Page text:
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Cuenca’s new light rail system, Tranvía de los Cuatro Rios, is scheduled to be operational in 2014

Tranvía de los Cuatro Rios is about to leave the station and, according to city planners, it will transform public transportation in Cuenca.

Scheduled to begin construction by the end of the year, the tranvía, or tram, will be the largest infrastructure project in Cuenca history, the $230 million cost being shared by local and federal governments, supplemented by grants and loans from China, Spain and France.

According to project coordinator Juan Zea, the tram is necessary to relieve pressure on overtaxed city streets and highways and to move commuters more efficiently. “More than 70% of Cuenca’s population depends on public transportation and the current system of buses has not kept up with the demand,” he says. “We have almost 500 buses on the streets and they are not only slow but are our biggest source of pollution.”

The new electric tram will run from Pan Americana Sur at the intersection with Av. Las Americas on the southwest side of town, to Av. Ordóñez Lasso, through El Centro, by the main bus station and airport on Av. España, to Parque Industrial in the northeast. Lines in the historic district will run on Calles Gran Colombia, Mariscal La Mar and Gaspar Sangurima. The round-trip will cover 21.4 kilometers. According to planners, the project is scheduled to be completed in late 2014.

Zea says his staff is already studying future expansion, including a north-south extension to the Social Security hospital on the Azoguez autopista, and a westward extension on Av. Ordóñez Lasso. “We are years away from these, of course” he says. “Once we are operational with the first routes we will concentrate on new ones.”

The European-designed light rail system, will have its biggest impact on Cuenca’s historic center. Zea and Daniel Astudillo, director of the historic district council, say the tram will reduce the number of buses in the district by 20% to 25% and allow planning for a more pedestrian-friendly downtown. “Everyone knows that we have a serious traffic problem in the historic center. There are simply too many vehicles for the streets to handle, and too much pollution. The tranvía is the most important step in solving the problem,” says Astudillo.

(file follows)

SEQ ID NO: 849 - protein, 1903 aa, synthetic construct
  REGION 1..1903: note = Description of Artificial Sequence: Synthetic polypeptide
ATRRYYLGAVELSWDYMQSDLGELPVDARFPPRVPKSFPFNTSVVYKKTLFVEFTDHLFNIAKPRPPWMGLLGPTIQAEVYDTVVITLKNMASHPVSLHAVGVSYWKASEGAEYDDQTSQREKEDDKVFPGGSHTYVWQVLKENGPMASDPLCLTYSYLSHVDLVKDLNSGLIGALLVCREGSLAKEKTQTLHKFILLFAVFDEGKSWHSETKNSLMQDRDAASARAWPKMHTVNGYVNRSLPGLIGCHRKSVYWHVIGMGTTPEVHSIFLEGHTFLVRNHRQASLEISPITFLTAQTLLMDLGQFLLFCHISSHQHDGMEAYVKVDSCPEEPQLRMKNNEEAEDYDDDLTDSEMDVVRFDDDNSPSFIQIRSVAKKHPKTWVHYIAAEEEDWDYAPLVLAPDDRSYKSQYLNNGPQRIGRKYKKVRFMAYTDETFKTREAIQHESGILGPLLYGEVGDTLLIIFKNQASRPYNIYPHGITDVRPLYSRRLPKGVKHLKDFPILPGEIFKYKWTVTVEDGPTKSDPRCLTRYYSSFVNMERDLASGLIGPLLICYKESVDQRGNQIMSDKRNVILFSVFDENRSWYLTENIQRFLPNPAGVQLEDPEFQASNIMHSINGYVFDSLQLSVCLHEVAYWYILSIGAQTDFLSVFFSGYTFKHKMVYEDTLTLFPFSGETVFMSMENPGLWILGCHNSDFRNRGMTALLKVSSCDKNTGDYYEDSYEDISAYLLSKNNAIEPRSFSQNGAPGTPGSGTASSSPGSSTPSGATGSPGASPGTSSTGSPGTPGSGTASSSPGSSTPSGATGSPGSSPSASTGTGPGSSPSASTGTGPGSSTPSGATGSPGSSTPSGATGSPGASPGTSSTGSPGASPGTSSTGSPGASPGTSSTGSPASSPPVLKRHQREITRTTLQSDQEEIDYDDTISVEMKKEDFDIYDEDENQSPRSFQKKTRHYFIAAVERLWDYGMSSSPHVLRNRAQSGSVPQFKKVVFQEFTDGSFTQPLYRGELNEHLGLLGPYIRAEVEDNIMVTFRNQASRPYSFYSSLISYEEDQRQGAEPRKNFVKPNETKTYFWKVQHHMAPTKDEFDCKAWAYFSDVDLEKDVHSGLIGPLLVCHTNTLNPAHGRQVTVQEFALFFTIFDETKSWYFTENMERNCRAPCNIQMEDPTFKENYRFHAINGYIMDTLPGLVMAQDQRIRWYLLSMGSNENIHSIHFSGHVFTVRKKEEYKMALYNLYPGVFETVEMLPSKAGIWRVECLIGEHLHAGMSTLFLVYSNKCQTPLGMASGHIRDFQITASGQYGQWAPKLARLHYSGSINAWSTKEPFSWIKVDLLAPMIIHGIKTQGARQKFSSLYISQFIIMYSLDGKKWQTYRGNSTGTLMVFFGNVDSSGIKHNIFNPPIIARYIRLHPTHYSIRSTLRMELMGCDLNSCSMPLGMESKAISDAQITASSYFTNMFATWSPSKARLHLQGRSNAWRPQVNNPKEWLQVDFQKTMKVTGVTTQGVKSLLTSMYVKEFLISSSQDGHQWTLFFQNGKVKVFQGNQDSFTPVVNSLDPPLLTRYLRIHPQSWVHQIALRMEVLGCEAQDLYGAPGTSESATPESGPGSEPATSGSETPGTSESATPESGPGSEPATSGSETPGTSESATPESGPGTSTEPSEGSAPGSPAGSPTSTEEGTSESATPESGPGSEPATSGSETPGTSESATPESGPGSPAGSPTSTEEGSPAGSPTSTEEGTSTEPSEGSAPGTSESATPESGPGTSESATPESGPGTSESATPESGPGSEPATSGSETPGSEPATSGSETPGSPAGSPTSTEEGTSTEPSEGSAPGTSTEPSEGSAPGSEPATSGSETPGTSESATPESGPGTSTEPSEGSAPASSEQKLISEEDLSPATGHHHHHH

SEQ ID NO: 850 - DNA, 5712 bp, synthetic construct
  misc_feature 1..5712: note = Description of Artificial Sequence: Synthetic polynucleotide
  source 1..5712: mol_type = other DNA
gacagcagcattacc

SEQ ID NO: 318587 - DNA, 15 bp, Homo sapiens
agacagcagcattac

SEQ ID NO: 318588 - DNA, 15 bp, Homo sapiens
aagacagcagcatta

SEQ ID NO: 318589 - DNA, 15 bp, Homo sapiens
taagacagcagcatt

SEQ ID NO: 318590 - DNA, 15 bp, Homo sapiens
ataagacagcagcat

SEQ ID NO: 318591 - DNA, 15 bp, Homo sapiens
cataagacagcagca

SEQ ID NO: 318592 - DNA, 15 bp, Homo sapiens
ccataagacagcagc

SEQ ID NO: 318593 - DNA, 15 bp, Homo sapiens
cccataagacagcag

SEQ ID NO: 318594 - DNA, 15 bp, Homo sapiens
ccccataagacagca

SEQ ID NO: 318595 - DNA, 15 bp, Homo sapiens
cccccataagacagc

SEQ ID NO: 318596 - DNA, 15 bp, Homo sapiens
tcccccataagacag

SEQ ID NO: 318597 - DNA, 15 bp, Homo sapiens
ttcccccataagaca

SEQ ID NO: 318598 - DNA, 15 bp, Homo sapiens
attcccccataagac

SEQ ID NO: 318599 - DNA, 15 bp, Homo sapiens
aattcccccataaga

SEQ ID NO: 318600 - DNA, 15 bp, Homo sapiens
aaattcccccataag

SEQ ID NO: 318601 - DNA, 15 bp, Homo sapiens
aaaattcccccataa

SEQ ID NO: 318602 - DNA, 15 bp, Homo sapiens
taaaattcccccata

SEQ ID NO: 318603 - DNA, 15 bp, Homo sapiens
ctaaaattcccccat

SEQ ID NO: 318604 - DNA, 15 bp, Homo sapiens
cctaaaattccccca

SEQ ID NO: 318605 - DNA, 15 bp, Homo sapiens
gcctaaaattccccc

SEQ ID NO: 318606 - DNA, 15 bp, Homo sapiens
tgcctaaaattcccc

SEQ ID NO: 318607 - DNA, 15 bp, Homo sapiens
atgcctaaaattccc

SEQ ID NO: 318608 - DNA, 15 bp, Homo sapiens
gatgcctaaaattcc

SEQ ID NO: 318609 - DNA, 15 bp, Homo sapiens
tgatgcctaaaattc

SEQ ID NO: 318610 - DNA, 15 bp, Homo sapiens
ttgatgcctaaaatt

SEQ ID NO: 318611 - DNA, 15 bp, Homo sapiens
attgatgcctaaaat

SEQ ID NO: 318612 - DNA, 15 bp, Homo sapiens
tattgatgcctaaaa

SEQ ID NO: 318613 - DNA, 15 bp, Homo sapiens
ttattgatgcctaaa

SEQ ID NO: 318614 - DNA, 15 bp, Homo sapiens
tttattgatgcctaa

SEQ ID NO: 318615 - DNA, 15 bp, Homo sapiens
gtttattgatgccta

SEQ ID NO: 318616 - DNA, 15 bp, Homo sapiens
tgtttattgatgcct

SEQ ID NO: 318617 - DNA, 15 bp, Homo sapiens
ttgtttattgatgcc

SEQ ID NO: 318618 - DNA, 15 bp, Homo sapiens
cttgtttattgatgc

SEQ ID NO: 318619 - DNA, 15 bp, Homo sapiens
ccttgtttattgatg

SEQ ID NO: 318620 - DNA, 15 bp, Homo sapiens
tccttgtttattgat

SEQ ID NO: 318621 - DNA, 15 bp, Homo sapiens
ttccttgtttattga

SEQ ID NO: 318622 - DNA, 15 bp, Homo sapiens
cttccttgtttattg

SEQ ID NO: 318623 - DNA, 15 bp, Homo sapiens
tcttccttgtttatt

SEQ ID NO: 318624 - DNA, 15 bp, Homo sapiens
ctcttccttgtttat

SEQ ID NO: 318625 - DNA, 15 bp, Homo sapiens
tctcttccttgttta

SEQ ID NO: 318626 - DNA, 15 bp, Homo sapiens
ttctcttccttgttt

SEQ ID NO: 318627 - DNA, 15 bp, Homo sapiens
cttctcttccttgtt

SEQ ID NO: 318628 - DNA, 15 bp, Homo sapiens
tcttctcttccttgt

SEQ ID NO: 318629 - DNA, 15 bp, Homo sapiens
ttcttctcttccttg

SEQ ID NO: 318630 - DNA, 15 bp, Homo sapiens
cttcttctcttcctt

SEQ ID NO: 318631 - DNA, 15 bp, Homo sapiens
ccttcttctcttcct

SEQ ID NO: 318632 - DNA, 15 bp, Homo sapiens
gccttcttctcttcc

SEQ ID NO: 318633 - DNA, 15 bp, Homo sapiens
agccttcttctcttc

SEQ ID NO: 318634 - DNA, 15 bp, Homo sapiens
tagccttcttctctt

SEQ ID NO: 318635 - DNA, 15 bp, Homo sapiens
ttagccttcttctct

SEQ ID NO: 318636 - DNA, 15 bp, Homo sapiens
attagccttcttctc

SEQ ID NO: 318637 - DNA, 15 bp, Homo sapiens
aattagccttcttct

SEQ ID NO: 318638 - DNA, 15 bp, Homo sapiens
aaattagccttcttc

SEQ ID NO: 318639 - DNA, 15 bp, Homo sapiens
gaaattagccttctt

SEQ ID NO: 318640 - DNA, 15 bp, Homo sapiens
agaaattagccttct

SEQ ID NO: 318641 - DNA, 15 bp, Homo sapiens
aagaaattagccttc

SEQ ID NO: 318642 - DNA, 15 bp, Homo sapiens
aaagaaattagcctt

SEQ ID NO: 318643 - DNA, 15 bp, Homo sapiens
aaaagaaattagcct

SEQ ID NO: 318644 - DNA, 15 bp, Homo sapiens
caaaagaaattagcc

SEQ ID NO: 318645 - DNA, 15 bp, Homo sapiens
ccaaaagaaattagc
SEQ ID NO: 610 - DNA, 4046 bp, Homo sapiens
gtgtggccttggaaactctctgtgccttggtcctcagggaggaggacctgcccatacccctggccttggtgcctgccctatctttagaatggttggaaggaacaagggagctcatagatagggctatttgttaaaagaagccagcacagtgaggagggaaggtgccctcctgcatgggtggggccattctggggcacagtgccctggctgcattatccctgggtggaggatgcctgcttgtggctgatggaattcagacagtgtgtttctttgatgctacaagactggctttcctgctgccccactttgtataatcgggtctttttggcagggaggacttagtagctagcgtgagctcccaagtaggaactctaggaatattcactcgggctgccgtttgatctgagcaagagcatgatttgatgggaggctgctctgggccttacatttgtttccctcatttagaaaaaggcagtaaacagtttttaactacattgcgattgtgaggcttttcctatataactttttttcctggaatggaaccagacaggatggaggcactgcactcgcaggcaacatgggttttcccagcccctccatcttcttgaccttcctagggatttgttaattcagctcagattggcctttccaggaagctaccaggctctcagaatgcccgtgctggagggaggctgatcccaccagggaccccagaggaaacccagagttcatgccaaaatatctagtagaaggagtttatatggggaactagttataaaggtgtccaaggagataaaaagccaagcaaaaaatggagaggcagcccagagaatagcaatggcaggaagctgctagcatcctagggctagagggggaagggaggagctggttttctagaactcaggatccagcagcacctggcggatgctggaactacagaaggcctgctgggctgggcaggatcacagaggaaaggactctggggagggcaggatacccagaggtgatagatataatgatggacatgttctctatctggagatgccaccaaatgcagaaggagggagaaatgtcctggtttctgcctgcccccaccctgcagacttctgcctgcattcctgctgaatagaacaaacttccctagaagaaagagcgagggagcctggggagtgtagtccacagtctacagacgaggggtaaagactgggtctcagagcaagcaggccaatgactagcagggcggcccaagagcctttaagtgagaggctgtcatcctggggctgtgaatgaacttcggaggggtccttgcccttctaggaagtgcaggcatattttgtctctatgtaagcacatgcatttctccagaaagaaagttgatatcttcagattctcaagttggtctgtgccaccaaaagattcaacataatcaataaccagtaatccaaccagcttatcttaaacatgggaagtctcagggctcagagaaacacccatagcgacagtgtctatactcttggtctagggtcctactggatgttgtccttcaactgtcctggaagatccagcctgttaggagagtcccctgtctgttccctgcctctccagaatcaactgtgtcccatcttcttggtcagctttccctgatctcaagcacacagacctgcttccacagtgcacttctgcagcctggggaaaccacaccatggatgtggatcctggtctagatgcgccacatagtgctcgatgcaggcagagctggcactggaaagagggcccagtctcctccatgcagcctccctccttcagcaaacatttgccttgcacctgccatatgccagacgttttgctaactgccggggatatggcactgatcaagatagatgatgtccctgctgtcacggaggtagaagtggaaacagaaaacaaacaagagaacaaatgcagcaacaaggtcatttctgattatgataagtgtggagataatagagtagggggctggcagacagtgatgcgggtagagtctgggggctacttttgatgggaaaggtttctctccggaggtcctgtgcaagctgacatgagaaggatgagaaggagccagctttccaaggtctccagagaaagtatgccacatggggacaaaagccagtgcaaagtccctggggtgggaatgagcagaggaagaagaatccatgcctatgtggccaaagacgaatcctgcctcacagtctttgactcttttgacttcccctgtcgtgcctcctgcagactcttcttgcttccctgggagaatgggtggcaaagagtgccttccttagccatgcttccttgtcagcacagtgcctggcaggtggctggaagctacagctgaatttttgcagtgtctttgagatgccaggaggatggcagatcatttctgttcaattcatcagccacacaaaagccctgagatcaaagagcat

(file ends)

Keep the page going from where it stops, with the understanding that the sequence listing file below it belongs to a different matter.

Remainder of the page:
With the addition of the tram and construction of a series of large parking garages on the outskirts on the historic district, the city hopes to close a number of historic district streets to traffic, converting them to pedestrian malls. “Our objective is to preserve our architectural heritage, and to make El Centro a more attractive place to live and visit,” says Austudillo, who notes that UNESCO, the United Nations cultural and educational office, has endorsed the tram. UNESCO designated Cuenca’s historic district a World Heritage Site in 1999.

There is no disputing the fact that Cuatro Rios will have a transforming effect on transportation in the city. The system will carry 120,000 passengers a day at three times the speed of buses and taxis. Cuenca mayor Paul Granda, who has championed the system since he took office four years ago, says the speed of the tram will be the most obvious advantage for most commuters. “Imagine catching the train at the Ordóñez Lasso station and being at the airport in seven minutes?” he asked.

The design of the system is based on the recommendation of French consulting firm Coteba Artelia, which considered Cuenca’s population density, historic character, narrow streets and large commuter population. “A narrow gauge electric tram is the best solution for Cuenca,” Coteba Artelia reported.

Paul Espinoza, a retired transportation engineer who spent most of his working life in Canada, agrees and says that Cuenca is very much like a European city. “Not only do you have the high population density in the center, but the newer neighborhoods outside of the center are also compact. For the same reason the city is not good for cars, it is very good for light rail, which is the case with most European cities.”

Espinoza says Cuenca’s tram will be similar to systems in such European cities as Barcelona, Toulouse, Bordeaux and Strasbourg. “Some of my North American friends ask why Cuenca doesn’t build more roads to accommodate more cars and I tell them that it is not possible because of the design of the city, and that we should look to Europe for solutions. If you consider the results of road-building policies in the U.S., you see why we should follow another model.”

The Cuatro Rios system will have 14 units of five cars each, each capable of carrying 300 passengers. The system’s 27 stations will be spaced at distances of about 800 meters outside the historic district and 400 meters within the district. On average, trains will stop at stations every six minutes and travel at speeds of 22 kilometers and hour, compared to 7 to 8 kilometeres per hour speed for buses. Fares will be the same as for buses, currently 25 cents.

Zea, Astudillo and other planners are working on new bus routes that will augment the tram. “We will change routes, especially in El Centro, so they serve as a feeder system to the tranvía,” says Zea. “For transportation purposes, efficiency is our primary goal.”

For more information about Tranvía Cuatro Rios, see the 8½-minute YouTube video about the system at www.youtube.com/watch?v=9I_6n-CyOsA&feature=related.

Photo captions: An artist's version of how the Tranvía will look traveling on Calle Gran Colombia and Av. España in Cuenca.